The medical record determined by ICD-10 Coding tells a story. It is composed of a narrative of what is happening with a patient. It includes objective physical exam findings, which correlate to signs, symptoms, assessed medical conditions; a detailed plan of care; and coded data.
Many providers are not fully aware of the importance of coded data through HCC Codes. It is the purpose of this article to ensure that providers understand how to capture that important information in discrete data fields in the electronic health record, which communicate to outside entities the social determinants of health.
As a part of the 2021 changes in the Evaluation & Management coding system, the American Medical Association has, for the first time ever, included Social Determinants of Health in the calculus for Medical Decision Making (MDM).
If a provider’s diagnosis and/or treatment plan is significantly limited or complicated by social factors, then the MDM may be considered of moderate risks of complications, morbidity and/or mortality from a patient management perspective. This needs to be well documented, including the impact that these factors had on the cognitive work of the provider. There are also ICD-10 codes that indicate the particular social factors.
The Center for Medicare and Medicaid Services has implemented social determinants of health into their programs.“ The evidence is clear: social determinants of health, such as access to stable housing or gainful employment, may not be strictly medical,” said CMS Administrator Seema Verma,” but they nevertheless have a profound impact on people’s wellbeing.”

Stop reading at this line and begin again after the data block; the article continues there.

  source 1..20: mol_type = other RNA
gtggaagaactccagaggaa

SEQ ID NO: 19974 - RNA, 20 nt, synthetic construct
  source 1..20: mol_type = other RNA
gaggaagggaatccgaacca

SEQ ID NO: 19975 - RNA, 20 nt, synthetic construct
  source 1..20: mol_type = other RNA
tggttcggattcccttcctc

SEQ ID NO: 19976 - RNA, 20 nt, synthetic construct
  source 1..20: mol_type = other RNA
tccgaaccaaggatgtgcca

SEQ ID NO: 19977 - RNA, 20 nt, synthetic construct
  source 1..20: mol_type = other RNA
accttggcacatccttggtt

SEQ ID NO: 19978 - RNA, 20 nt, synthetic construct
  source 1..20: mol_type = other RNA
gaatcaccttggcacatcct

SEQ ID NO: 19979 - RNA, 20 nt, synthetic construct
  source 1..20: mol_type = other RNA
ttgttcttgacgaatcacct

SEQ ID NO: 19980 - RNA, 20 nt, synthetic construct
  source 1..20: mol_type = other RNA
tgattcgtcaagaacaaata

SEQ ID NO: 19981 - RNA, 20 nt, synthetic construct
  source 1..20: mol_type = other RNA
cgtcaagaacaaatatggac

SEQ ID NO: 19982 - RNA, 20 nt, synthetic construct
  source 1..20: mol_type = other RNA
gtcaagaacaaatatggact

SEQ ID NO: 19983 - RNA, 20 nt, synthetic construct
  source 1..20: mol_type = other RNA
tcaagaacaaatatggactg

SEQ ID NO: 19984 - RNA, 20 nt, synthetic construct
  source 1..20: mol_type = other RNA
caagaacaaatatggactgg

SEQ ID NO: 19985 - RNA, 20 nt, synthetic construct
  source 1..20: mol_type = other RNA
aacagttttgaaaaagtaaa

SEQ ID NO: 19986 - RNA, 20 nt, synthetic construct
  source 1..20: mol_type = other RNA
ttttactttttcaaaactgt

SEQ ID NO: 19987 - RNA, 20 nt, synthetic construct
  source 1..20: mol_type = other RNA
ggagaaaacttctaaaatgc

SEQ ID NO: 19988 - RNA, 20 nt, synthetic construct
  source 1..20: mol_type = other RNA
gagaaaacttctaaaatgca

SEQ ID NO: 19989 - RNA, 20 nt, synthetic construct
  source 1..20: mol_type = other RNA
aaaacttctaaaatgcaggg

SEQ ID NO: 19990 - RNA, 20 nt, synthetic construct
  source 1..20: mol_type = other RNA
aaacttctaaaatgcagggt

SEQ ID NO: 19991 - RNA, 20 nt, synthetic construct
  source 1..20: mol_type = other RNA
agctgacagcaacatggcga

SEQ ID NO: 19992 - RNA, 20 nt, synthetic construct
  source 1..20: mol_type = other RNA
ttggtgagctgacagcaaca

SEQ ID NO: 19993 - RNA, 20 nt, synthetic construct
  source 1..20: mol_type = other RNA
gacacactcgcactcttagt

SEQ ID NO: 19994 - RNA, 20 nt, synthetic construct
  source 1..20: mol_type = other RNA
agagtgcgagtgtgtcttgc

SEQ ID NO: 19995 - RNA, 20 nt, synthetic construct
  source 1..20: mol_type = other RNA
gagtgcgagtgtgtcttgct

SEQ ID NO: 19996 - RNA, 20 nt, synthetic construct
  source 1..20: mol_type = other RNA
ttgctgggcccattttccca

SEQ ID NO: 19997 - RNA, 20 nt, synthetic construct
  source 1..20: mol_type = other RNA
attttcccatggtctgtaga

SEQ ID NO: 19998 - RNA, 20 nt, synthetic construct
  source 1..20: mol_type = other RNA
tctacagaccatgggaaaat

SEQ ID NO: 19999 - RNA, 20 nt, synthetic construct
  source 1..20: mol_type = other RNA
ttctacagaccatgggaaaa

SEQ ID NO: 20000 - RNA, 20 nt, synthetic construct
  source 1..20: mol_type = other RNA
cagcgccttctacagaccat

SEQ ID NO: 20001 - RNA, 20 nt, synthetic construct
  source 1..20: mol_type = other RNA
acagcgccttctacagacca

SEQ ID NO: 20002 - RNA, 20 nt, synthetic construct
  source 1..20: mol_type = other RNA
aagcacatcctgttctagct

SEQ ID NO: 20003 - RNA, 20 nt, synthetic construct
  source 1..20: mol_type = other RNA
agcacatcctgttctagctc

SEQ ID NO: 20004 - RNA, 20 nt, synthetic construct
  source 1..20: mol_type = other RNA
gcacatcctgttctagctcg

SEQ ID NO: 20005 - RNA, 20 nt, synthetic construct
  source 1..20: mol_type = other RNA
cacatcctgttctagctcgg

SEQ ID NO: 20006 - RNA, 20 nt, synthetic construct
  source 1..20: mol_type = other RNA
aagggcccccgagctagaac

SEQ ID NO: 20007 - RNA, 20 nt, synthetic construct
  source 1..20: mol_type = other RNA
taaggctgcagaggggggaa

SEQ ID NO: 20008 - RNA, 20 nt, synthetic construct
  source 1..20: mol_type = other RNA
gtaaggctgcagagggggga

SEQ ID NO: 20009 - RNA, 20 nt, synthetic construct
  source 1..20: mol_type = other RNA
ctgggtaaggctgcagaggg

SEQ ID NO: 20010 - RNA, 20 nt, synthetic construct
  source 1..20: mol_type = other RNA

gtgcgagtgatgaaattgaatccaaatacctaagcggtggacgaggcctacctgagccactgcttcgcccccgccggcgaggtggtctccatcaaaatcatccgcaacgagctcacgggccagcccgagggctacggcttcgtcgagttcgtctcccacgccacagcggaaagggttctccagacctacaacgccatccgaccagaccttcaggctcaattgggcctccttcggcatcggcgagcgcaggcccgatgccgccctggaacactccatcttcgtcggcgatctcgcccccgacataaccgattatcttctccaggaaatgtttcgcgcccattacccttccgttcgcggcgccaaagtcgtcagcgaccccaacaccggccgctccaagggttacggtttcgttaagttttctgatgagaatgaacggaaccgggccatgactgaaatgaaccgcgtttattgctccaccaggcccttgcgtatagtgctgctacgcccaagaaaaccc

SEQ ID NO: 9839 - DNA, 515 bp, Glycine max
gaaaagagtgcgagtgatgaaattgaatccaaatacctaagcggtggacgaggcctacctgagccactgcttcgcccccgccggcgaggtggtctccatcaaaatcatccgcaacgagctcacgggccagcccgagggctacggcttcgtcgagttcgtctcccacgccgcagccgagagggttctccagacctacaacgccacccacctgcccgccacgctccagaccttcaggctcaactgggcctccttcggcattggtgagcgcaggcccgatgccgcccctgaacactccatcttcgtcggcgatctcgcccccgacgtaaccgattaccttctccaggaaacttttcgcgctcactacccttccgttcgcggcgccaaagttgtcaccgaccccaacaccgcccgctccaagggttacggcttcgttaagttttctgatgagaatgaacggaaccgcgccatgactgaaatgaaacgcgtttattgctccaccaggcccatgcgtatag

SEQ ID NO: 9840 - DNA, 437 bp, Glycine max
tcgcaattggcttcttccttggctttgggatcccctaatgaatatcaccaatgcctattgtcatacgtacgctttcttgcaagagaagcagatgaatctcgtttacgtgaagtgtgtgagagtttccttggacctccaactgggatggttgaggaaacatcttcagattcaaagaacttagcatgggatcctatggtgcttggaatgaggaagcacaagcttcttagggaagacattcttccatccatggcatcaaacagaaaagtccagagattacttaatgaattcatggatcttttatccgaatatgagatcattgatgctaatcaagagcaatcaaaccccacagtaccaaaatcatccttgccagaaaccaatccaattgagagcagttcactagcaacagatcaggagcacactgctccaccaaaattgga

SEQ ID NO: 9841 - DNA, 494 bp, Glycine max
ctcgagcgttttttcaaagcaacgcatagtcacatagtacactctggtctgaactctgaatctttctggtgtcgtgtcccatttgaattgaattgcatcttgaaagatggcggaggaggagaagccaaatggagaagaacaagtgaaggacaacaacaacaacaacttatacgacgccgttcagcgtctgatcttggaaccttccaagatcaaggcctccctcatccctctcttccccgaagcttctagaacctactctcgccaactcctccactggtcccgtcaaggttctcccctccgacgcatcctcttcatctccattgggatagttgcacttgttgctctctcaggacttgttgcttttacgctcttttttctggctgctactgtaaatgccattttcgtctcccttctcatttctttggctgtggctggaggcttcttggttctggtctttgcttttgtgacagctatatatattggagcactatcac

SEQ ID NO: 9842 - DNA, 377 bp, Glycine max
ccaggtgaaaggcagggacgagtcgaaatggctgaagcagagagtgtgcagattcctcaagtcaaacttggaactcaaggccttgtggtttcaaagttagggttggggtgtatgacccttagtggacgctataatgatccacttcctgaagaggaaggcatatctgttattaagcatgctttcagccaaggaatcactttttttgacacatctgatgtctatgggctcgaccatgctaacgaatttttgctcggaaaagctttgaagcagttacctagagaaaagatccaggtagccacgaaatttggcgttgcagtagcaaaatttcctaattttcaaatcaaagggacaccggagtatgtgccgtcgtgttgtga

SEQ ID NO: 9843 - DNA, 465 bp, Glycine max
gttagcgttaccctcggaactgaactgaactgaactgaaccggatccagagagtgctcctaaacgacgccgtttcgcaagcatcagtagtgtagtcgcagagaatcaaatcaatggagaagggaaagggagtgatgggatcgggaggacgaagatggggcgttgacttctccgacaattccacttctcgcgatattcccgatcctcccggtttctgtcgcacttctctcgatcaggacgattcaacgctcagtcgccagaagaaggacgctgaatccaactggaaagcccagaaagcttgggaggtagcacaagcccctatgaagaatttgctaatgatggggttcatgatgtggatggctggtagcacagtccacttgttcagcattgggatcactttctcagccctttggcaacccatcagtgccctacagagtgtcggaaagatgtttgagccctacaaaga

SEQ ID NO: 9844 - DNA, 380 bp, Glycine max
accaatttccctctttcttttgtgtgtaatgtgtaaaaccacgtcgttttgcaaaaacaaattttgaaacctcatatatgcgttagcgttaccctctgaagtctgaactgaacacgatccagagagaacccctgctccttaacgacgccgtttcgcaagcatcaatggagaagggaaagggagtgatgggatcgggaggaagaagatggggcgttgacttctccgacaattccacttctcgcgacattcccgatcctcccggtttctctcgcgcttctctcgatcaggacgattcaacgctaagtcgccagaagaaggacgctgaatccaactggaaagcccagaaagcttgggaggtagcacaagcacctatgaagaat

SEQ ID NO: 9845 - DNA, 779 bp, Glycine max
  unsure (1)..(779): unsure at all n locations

Putting SDOH Coding Into Practice
Perhaps the best way to understand how to document Social Determinants of Health (SDOH) is to consider a clinical example.
A 78 year old female patient presents for evaluation of Type 2 Diabetes and Hypertension. Her Diabetes is not managed well, despite nutritional counselling and Insulin use, her Hgb A1c is 10.0; BP is elevated (170/98) today.
Upon interviewing the patient, it was discovered that she is in the position of caring for several of her great grandchildren. Her granddaughter and the granddaughter’s children have moved in with her. The three children are all under the age of five. The patient is known to this clinic, and she is known to be illiterate. She does not drive and she never obtained a driver’s license.
The patient’s 80-year-old sister is her greatest support person. The sister helps her manage her money and takes her to doctors’ appointments. She states that she lives “month to month” and sometimes buys things on a credit card. The patient has been widowed several years. When talking to the provider, she admits that her depression has worsened. She worries a lot. She rarely sleeps through the night, partly because two of the children share a bed with her. She states, “I just don’t have the time or energy to take care of my sugars.”
Note: this is not the entire record for this visit. There would be a Physical Exam, Medication Reconciliation, and a detailed Plan of care.
It is important to accurately code the patient’s Type 2 Diabetes Mellitus with a complication (hyperglycemia) (ICD-10 code E11.65), her Depression (ICD-10 code F33.1 Major Depressive Disorder, recurrent, moderate severity, and her Hypertension (ICD-10 code I10). The social factors documented here in the History of Present Illness are important to document because of the impact that they have on the patient’s health.
Did you know that there are ICD-10 HCC Codes that can be used to capture these social determinants in the clinical documentation?
Consider these ICD-10 codes for this scenario:
|Z60.9||Unspecified problems related to social environment|